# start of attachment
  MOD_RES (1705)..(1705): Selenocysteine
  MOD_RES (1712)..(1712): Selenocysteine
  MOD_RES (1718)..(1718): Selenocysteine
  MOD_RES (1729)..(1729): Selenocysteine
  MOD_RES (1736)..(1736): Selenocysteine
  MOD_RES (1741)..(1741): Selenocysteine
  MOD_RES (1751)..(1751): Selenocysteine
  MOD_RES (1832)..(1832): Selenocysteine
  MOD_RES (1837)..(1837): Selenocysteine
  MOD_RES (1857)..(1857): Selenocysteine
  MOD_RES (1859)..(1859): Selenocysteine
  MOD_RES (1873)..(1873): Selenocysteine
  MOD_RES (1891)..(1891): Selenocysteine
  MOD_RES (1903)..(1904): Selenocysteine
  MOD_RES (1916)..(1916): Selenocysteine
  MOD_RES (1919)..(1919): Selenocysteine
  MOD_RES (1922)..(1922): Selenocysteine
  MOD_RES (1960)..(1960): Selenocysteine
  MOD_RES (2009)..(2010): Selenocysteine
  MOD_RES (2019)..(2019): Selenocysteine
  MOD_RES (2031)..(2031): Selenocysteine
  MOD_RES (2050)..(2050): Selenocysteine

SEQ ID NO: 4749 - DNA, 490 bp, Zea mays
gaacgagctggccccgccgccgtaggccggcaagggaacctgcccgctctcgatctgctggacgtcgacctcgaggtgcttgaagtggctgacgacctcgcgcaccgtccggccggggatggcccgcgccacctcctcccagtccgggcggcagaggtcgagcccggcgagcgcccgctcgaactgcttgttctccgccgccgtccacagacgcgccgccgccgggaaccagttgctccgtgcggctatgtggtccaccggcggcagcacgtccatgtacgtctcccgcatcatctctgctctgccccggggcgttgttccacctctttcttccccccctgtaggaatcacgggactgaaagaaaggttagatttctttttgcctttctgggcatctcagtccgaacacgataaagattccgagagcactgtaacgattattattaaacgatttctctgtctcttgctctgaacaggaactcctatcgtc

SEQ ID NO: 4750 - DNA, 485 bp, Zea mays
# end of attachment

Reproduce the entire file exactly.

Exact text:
  MOD_RES (1705)..(1705): Selenocysteine
  MOD_RES (1712)..(1712): Selenocysteine
  MOD_RES (1718)..(1718): Selenocysteine
  MOD_RES (1729)..(1729): Selenocysteine
  MOD_RES (1736)..(1736): Selenocysteine
  MOD_RES (1741)..(1741): Selenocysteine
  MOD_RES (1751)..(1751): Selenocysteine
  MOD_RES (1832)..(1832): Selenocysteine
  MOD_RES (1837)..(1837): Selenocysteine
  MOD_RES (1857)..(1857): Selenocysteine
  MOD_RES (1859)..(1859): Selenocysteine
  MOD_RES (1873)..(1873): Selenocysteine
  MOD_RES (1891)..(1891): Selenocysteine
  MOD_RES (1903)..(1904): Selenocysteine
  MOD_RES (1916)..(1916): Selenocysteine
  MOD_RES (1919)..(1919): Selenocysteine
  MOD_RES (1922)..(1922): Selenocysteine
  MOD_RES (1960)..(1960): Selenocysteine
  MOD_RES (2009)..(2010): Selenocysteine
  MOD_RES (2019)..(2019): Selenocysteine
  MOD_RES (2031)..(2031): Selenocysteine
  MOD_RES (2050)..(2050): Selenocysteine

SEQ ID NO: 4749 - DNA, 490 bp, Zea mays
gaacgagctggccccgccgccgtaggccggcaagggaacctgcccgctctcgatctgctggacgtcgacctcgaggtgcttgaagtggctgacgacctcgcgcaccgtccggccggggatggcccgcgccacctcctcccagtccgggcggcagaggtcgagcccggcgagcgcccgctcgaactgcttgttctccgccgccgtccacagacgcgccgccgccgggaaccagttgctccgtgcggctatgtggtccaccggcggcagcacgtccatgtacgtctcccgcatcatctctgctctgccccggggcgttgttccacctctttcttccccccctgtaggaatcacgggactgaaagaaaggttagatttctttttgcctttctgggcatctcagtccgaacacgataaagattccgagagcactgtaacgattattattaaacgatttctctgtctcttgctctgaacaggaactcctatcgtc

SEQ ID NO: 4750 - DNA, 485 bp, Zea mays